Situated in the center of Arizona approximately two hours north of Phoenix, SEDONA is a breathtaking town surrounded by 1.8 million acres of forest and being home to the world-famous red rocks towering high above the quiet desert landscape. Not only being known for it's stunning landscape, Sedona is also considered by Native Americans to be a sacred place to renew or heal your spirit through the multiple vortex energy centers scattered throughout the city. Whether you're looking to explore the desert or forest, both are possible within a few minutes drive from downtown Sedona. If you're planning to drive from Los Angeles, it's a hefty one clocking in at around 7.5 hours, without traffic, or a quick flight to Phoenix. However you decide to get to Sedona, in the end, you'll be glad you experienced this incredible place situated in the historical American southwest.
CAMPING in Sedona comes with ample options ranging from dispersed camping (also known as primitive camping) to fully established campgrounds within the Coconino National Forest. If you're looking to camp with a view and some privacy, dispersed camping is the way to go. You should note, primitive camping does not include running water or restrooms like established campgrounds and the other perk is there are no fees to pay since you're staying on public land.
Having said that, during this trip we decided to skip the established campgrounds and opted for dispersed camping. After reviewing the official Dispersed Camping Guidelines published by the USDA for Coconino National Forest, we to headed west of Sedona to a remote campsite located off Fire Road 525. The campsite we discovered had a beautiful view looking northeast towards the Honanki Heritage Site, which dates back to 2000 BC and was inhabited by the Southern Sinagua culture. Along with the rich history located a short distance away, the mornings offered incredible views of hot air balloons scattered across the horizon.
When dispersed camping, there's a decent chance the roads won't be paved so it's always a good idea to be prepared with a vehicle with high ground clearance. Luckily, for this trip, we were given the 2018 Chevy Silverado High Country from General Motors to use. We gladly put it to the test over some rugged terrain while OFF-ROADING to our beautiful campsite. Between the smooth ride, excellent features and ample room for gear storage, the Silverado was definitely a useful asset to have throughout this trip.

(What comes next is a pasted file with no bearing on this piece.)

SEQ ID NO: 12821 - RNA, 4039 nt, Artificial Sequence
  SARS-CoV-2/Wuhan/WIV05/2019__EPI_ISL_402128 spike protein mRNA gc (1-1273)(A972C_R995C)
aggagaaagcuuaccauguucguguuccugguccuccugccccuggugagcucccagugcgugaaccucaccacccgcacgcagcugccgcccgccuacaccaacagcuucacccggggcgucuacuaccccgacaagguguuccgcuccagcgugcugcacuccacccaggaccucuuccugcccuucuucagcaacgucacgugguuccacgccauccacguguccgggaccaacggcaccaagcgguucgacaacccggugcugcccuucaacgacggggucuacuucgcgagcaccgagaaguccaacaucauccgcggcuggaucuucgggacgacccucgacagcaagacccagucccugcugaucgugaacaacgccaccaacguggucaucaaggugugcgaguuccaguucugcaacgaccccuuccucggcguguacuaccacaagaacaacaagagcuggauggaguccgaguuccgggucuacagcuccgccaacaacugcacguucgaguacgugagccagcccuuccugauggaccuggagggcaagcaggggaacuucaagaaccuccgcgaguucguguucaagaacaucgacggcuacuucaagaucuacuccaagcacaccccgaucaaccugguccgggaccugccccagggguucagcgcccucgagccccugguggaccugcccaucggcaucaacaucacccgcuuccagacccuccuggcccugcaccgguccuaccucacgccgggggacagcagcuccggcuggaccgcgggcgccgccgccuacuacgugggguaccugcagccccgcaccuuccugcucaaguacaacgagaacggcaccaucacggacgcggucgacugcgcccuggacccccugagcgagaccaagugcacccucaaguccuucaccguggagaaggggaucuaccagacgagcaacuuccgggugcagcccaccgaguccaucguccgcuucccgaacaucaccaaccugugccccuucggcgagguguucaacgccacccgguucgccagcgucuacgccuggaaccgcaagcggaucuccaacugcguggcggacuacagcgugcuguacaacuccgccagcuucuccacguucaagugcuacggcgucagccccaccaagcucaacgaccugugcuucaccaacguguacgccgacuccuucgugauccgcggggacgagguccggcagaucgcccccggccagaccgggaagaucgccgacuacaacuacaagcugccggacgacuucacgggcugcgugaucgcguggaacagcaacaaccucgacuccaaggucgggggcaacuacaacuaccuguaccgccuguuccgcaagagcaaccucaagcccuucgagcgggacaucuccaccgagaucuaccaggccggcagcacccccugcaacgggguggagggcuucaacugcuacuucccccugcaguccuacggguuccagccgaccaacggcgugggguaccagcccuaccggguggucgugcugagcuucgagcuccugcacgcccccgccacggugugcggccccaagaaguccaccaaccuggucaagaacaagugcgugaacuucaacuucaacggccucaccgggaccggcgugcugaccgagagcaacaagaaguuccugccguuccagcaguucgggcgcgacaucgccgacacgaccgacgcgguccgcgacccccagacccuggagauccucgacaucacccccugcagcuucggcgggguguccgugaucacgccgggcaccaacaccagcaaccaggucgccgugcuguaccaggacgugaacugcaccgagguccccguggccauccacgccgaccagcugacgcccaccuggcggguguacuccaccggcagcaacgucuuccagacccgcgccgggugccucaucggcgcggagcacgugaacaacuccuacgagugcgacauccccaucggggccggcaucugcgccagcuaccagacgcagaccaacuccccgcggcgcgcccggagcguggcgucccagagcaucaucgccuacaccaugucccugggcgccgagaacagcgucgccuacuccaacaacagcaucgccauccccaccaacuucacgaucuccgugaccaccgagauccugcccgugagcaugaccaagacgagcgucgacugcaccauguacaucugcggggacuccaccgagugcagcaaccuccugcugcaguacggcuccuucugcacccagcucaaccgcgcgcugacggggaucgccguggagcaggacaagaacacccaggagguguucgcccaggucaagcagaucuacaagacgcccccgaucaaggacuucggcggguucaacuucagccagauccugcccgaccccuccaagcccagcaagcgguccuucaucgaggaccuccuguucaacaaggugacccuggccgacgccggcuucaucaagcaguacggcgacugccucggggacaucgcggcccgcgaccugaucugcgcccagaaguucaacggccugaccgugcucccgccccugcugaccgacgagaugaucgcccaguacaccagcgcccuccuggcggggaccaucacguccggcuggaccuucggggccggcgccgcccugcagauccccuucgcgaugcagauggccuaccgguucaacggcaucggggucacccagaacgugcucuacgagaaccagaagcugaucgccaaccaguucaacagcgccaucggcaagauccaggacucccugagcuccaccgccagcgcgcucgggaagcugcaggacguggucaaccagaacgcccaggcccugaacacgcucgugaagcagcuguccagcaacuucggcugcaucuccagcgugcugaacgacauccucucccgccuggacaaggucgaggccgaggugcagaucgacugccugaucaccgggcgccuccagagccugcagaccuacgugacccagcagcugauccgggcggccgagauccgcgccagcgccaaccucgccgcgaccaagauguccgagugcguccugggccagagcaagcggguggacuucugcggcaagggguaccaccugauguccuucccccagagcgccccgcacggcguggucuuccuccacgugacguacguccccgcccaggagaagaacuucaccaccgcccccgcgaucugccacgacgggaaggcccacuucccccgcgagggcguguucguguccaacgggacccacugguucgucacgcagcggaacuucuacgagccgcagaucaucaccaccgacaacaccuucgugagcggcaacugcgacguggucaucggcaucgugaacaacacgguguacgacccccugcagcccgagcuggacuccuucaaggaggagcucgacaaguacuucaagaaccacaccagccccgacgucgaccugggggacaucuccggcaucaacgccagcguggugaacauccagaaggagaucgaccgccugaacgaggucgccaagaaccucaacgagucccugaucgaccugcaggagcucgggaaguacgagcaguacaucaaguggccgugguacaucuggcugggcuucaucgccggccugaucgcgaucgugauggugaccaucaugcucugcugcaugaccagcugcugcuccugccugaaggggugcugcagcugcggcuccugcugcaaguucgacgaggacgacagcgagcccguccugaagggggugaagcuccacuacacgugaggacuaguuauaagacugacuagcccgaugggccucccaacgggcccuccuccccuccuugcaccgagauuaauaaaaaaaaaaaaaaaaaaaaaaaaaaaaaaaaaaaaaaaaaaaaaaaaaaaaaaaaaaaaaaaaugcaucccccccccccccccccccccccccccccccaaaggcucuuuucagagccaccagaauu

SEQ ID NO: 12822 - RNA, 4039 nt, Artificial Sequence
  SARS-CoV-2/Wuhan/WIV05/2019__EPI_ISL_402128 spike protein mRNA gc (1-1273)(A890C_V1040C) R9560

Be sure to check out the Campfire Adventure Co. gear in the shop. 20% of the proceeds goes directly towards helping protect our public land, which includes land just like this in Sedona.
In the cooler the months of the year, the southwest offers a great refuge for camping. You're able to fall asleep under the light of a thousand stars usually without the worry of snow suddenly appearing. Over Thanksgiving, Sedona's temperatures were warm during day and quite chilly at night, but still comfortable enough to sleep without the rainfly covering the tent. The other perks with Sedona, and especially our campsite, are the INCREDIBLE SUNSETS we were able to witness each evening. While preparing our dinner and drinking wine, the technicolor sunsets and the burst of warm colors from the red rocks off in the distance were spectacular.
PRO-TIP: When dispersed camping, consider bringing your patio furniture (e.g. bistro table set) to make yourself more comfortable since you're literally camping out in the middle of no where. It only helps make the experience more relaxing and enjoyable. Plus, don't forget blankets... they're always a good idea.
HIKING in Sedona is a must and the list of possible hikes are endless. We decided to take a more relaxing hike to Scheurman Mountain which offers panoramic views of Sedona and showcases the incredible rock formations surrounding the city. It's a lightly trafficked, out-and-back hike pushing close to four miles round trip. Plan to bring all the items you'd pack for a half-day hike for this trail.
After returning to Los Angeles from the trip, I was alerted about another incredible looking spot called Devil's Bridge located in Slide Rock State Park. Unfortunately, it wasn't able to be seen during this visit, but the next adventure to Sedona will definitely include this gorgeous arch on the itinerary.
Also, if you're looking for a TRANQUIL ESCAPE from the sun, downtown Sedona is a stone's throw away from Oak Creek which is a drastic contrast to the rest of the landscape surrounding the city. After our hike, we grabbed a spot right along the river and relaxed in our Eno Hammocks while reading and enjoying a few snacks. Visiting in November gave us the perfect autumn colors I've missed seeing in Los Angeles, so Thanksgiving this year was quite the successful adventure.
Have you been to Sedona? If so, share your tips and/or suggestions below in the comments section.
Till the next adventure.
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Always pack out what you pack in and leave absolutely no trace of your stay when you leave any campsite.
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